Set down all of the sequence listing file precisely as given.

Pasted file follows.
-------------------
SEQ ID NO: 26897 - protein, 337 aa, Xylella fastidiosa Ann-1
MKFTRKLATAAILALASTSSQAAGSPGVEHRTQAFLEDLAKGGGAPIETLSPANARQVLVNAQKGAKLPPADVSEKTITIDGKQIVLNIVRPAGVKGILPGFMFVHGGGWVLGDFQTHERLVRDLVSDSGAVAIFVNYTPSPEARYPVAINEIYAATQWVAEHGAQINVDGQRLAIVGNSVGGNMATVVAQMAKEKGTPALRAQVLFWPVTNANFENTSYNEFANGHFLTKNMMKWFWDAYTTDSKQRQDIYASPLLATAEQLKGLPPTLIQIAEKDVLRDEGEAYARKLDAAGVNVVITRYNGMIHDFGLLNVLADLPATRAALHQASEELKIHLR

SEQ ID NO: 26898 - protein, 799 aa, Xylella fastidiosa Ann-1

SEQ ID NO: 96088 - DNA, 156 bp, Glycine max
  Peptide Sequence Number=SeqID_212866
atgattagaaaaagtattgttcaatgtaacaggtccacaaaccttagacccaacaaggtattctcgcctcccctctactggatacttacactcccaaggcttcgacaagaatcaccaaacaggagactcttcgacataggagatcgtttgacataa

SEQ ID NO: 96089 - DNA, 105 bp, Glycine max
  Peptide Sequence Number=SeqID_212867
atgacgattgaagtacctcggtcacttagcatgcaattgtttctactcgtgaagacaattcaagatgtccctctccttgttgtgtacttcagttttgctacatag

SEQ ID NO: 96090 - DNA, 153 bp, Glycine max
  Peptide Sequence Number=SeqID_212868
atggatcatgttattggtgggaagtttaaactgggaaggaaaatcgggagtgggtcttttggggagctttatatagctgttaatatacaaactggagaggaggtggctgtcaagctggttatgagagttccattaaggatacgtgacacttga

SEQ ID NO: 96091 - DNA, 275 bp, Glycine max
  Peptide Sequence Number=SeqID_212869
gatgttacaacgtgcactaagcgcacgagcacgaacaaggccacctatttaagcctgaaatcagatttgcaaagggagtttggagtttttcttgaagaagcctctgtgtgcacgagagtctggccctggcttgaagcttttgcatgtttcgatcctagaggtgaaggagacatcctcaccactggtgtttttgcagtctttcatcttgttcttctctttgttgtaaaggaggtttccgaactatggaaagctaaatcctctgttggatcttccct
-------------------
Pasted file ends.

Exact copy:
SEQ ID NO: 26897 - protein, 337 aa, Xylella fastidiosa Ann-1
MKFTRKLATAAILALASTSSQAAGSPGVEHRTQAFLEDLAKGGGAPIETLSPANARQVLVNAQKGAKLPPADVSEKTITIDGKQIVLNIVRPAGVKGILPGFMFVHGGGWVLGDFQTHERLVRDLVSDSGAVAIFVNYTPSPEARYPVAINEIYAATQWVAEHGAQINVDGQRLAIVGNSVGGNMATVVAQMAKEKGTPALRAQVLFWPVTNANFENTSYNEFANGHFLTKNMMKWFWDAYTTDSKQRQDIYASPLLATAEQLKGLPPTLIQIAEKDVLRDEGEAYARKLDAAGVNVVITRYNGMIHDFGLLNVLADLPATRAALHQASEELKIHLR

SEQ ID NO: 26898 - protein, 799 aa, Xylella fastidiosa Ann-1

SEQ ID NO: 96088 - DNA, 156 bp, Glycine max
  Peptide Sequence Number=SeqID_212866
atgattagaaaaagtattgttcaatgtaacaggtccacaaaccttagacccaacaaggtattctcgcctcccctctactggatacttacactcccaaggcttcgacaagaatcaccaaacaggagactcttcgacataggagatcgtttgacataa

SEQ ID NO: 96089 - DNA, 105 bp, Glycine max
  Peptide Sequence Number=SeqID_212867
atgacgattgaagtacctcggtcacttagcatgcaattgtttctactcgtgaagacaattcaagatgtccctctccttgttgtgtacttcagttttgctacatag

SEQ ID NO: 96090 - DNA, 153 bp, Glycine max
  Peptide Sequence Number=SeqID_212868
atggatcatgttattggtgggaagtttaaactgggaaggaaaatcgggagtgggtcttttggggagctttatatagctgttaatatacaaactggagaggaggtggctgtcaagctggttatgagagttccattaaggatacgtgacacttga

SEQ ID NO: 96091 - DNA, 275 bp, Glycine max
  Peptide Sequence Number=SeqID_212869
gatgttacaacgtgcactaagcgcacgagcacgaacaaggccacctatttaagcctgaaatcagatttgcaaagggagtttggagtttttcttgaagaagcctctgtgtgcacgagagtctggccctggcttgaagcttttgcatgtttcgatcctagaggtgaaggagacatcctcaccactggtgtttttgcagtctttcatcttgttcttctctttgttgtaaaggaggtttccgaactatggaaagctaaatcctctgttggatcttccct